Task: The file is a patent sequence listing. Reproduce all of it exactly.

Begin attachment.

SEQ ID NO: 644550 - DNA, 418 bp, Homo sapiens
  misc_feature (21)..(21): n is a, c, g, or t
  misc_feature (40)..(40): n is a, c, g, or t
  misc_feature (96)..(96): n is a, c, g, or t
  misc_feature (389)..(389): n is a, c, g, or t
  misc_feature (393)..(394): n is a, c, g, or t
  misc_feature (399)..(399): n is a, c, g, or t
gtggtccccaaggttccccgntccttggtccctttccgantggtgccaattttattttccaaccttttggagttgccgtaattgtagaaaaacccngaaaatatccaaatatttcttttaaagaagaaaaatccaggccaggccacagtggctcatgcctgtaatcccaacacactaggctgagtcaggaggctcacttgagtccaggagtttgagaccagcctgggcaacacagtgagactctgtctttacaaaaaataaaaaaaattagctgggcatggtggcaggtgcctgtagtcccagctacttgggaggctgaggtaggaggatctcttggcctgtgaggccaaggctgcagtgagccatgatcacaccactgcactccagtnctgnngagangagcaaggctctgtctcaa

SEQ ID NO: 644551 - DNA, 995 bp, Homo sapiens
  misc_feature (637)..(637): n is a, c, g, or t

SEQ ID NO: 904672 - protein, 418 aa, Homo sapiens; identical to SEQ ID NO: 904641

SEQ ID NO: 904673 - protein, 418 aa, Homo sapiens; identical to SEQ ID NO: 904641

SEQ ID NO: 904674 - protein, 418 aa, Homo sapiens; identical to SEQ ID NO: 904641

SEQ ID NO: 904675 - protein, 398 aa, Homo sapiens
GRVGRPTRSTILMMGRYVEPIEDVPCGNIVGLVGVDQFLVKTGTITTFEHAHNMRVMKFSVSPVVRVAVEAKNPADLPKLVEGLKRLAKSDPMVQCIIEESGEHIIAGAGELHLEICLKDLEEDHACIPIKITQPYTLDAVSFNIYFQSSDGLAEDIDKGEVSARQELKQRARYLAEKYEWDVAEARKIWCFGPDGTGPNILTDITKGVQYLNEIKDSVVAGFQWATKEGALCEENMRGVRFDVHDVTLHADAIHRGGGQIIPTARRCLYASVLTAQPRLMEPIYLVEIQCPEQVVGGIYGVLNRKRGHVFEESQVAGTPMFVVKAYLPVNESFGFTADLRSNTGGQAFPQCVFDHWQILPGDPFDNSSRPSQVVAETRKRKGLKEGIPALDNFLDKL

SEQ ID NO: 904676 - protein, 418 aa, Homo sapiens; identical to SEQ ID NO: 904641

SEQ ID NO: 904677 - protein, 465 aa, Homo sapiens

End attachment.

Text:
SEQ ID NO: 644550 - DNA, 418 bp, Homo sapiens
  misc_feature (21)..(21): n is a, c, g, or t
  misc_feature (40)..(40): n is a, c, g, or t
  misc_feature (96)..(96): n is a, c, g, or t
  misc_feature (389)..(389): n is a, c, g, or t
  misc_feature (393)..(394): n is a, c, g, or t
  misc_feature (399)..(399): n is a, c, g, or t
gtggtccccaaggttccccgntccttggtccctttccgantggtgccaattttattttccaaccttttggagttgccgtaattgtagaaaaacccngaaaatatccaaatatttcttttaaagaagaaaaatccaggccaggccacagtggctcatgcctgtaatcccaacacactaggctgagtcaggaggctcacttgagtccaggagtttgagaccagcctgggcaacacagtgagactctgtctttacaaaaaataaaaaaaattagctgggcatggtggcaggtgcctgtagtcccagctacttgggaggctgaggtaggaggatctcttggcctgtgaggccaaggctgcagtgagccatgatcacaccactgcactccagtnctgnngagangagcaaggctctgtctcaa

SEQ ID NO: 644551 - DNA, 995 bp, Homo sapiens
  misc_feature (637)..(637): n is a, c, g, or t

SEQ ID NO: 904672 - protein, 418 aa, Homo sapiens; identical to SEQ ID NO: 904641

SEQ ID NO: 904673 - protein, 418 aa, Homo sapiens; identical to SEQ ID NO: 904641

SEQ ID NO: 904674 - protein, 418 aa, Homo sapiens; identical to SEQ ID NO: 904641

SEQ ID NO: 904675 - protein, 398 aa, Homo sapiens
GRVGRPTRSTILMMGRYVEPIEDVPCGNIVGLVGVDQFLVKTGTITTFEHAHNMRVMKFSVSPVVRVAVEAKNPADLPKLVEGLKRLAKSDPMVQCIIEESGEHIIAGAGELHLEICLKDLEEDHACIPIKITQPYTLDAVSFNIYFQSSDGLAEDIDKGEVSARQELKQRARYLAEKYEWDVAEARKIWCFGPDGTGPNILTDITKGVQYLNEIKDSVVAGFQWATKEGALCEENMRGVRFDVHDVTLHADAIHRGGGQIIPTARRCLYASVLTAQPRLMEPIYLVEIQCPEQVVGGIYGVLNRKRGHVFEESQVAGTPMFVVKAYLPVNESFGFTADLRSNTGGQAFPQCVFDHWQILPGDPFDNSSRPSQVVAETRKRKGLKEGIPALDNFLDKL

SEQ ID NO: 904676 - protein, 418 aa, Homo sapiens; identical to SEQ ID NO: 904641

SEQ ID NO: 904677 - protein, 465 aa, Homo sapiens